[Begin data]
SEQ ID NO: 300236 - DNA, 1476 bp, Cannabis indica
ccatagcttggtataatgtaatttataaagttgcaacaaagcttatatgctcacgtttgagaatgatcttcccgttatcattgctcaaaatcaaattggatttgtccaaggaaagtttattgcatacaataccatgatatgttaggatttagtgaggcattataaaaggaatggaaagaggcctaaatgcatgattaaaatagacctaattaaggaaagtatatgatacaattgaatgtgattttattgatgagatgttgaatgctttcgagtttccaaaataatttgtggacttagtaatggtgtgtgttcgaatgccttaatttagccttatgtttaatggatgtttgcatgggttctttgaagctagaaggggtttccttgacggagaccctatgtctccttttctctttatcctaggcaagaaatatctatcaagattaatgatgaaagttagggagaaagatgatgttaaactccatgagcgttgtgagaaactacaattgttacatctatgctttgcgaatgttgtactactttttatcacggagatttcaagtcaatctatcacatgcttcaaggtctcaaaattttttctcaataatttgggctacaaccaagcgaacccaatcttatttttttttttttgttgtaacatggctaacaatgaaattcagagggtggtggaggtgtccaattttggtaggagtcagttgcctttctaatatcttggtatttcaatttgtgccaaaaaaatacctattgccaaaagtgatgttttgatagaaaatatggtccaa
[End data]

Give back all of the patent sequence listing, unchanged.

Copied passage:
SEQ ID NO: 300236 - DNA, 1476 bp, Cannabis indica
ccatagcttggtataatgtaatttataaagttgcaacaaagcttatatgctcacgtttgagaatgatcttcccgttatcattgctcaaaatcaaattggatttgtccaaggaaagtttattgcatacaataccatgatatgttaggatttagtgaggcattataaaaggaatggaaagaggcctaaatgcatgattaaaatagacctaattaaggaaagtatatgatacaattgaatgtgattttattgatgagatgttgaatgctttcgagtttccaaaataatttgtggacttagtaatggtgtgtgttcgaatgccttaatttagccttatgtttaatggatgtttgcatgggttctttgaagctagaaggggtttccttgacggagaccctatgtctccttttctctttatcctaggcaagaaatatctatcaagattaatgatgaaagttagggagaaagatgatgttaaactccatgagcgttgtgagaaactacaattgttacatctatgctttgcgaatgttgtactactttttatcacggagatttcaagtcaatctatcacatgcttcaaggtctcaaaattttttctcaataatttgggctacaaccaagcgaacccaatcttatttttttttttttgttgtaacatggctaacaatgaaattcagagggtggtggaggtgtccaattttggtaggagtcagttgcctttctaatatcttggtatttcaatttgtgccaaaaaaatacctattgccaaaagtgatgttttgatagaaaatatggtccaa